In Pennsylvania, the proposed law regarding what kind of schools could benefit from tax credits said any beneficiaries couldn’t discriminate against employees on account of their “gender, creed, color, sexual orientation, gender identity or expression.”
But after a group of Christian schools whined about how it was their religious right to discriminate against homosexuals, the governor has thrown out the non-discrimination clause, meaning that taxpayers will now be subsidizing private religious schools that refuse to hire LGBTQ employees.
The inclusion of “sexual orientation, gender identity or expression” irked several religiously-affiliated private schools around the state. One school, Dayspring Christian Academy in Lancaster County, called the language a “direct violation of our Christian conscience,” and encouraged parents to contact their legislators.
Keep in mind these schools also don’t play by the same rules as other ones; they are under no obligation to give students standardized tests or publish the results if students take them. It’s one thing if they’re not receiving any help from the government, but Governor Tom Wolf, a Democrat, is saying these private schools can get special treatment and selectively root out LGBTQ people in the hiring process.Wolf would tell you a different version of the story. From his perspective, these non-discrimination guidelines were meant for state agencies and contractors. But earlier this year, when writing the rules for how the Educational Improvement Tax Credit (EITC) and the Opportunity Scholarship Tax Credit (OSTC) would work, the same language was accidentally inserted in there. The removal of the non-discrimination language is less an endorsement or acceptance of discrimination and more just correcting a mistake.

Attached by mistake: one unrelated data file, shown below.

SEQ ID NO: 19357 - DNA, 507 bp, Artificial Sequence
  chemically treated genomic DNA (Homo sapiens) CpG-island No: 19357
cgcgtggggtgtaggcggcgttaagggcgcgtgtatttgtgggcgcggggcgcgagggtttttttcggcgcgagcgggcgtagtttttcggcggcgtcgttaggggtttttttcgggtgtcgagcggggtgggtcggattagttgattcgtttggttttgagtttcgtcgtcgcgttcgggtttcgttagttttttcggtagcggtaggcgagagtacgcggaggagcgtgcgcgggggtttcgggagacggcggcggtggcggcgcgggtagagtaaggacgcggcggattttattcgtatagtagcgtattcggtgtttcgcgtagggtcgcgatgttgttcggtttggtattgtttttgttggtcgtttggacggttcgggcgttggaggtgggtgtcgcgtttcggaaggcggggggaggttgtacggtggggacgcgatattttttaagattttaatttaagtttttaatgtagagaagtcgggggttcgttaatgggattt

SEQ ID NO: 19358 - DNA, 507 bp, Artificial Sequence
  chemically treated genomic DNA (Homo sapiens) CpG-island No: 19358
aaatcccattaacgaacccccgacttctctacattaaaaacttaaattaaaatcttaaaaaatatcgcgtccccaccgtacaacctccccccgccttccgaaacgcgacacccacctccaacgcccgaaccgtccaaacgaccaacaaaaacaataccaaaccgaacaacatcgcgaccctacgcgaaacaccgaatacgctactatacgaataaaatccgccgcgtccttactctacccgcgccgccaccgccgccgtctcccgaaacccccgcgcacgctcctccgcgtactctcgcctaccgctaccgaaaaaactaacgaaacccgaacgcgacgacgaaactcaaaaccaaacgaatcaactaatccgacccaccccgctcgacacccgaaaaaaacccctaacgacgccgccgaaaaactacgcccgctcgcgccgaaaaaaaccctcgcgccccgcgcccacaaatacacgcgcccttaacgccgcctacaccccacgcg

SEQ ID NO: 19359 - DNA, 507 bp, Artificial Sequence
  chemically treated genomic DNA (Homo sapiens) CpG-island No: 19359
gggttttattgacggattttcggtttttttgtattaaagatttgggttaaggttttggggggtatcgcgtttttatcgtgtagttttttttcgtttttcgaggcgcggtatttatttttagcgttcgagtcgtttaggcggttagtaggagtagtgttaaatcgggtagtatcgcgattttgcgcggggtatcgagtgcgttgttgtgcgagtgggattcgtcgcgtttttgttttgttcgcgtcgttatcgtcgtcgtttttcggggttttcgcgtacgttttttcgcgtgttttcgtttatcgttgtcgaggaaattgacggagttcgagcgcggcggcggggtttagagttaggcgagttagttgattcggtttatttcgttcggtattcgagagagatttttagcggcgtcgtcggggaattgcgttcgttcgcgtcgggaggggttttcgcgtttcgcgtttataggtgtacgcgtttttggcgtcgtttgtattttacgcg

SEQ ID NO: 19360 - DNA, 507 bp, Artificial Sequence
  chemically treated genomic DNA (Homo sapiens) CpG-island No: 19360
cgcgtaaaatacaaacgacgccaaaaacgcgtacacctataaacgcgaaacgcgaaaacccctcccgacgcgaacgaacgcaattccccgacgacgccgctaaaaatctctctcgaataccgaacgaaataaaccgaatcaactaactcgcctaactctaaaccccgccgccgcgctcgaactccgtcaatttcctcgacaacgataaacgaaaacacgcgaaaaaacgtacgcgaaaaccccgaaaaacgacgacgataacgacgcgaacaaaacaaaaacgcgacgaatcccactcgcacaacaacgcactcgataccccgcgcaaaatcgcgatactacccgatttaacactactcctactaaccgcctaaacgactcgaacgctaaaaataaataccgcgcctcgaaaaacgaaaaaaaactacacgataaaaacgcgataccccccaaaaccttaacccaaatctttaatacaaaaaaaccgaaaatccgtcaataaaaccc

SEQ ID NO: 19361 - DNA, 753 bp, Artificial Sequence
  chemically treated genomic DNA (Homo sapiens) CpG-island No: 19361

“This is really just a case of a simple administrative error,” said J.J. Abbott, spokesman for the Wolf administration. “[The Department of Community and Economic Development] has been working to update their programs to comply with the governor’s non-discrimination executive order, which applies to contracts and grants, not tax credits.”
Either way, the effect is the same. If a business donates money to an organization that gives scholarships to private schools (including religious ones), they can write it off on their state taxes. The EITC and OSTC tax credits are worth up to $250 million a year. And that gift from the taxpayers can now be used to punish LGBTQ people who seek jobs at these schools.
(Image via Shutterstock. Thanks to Brian for the link)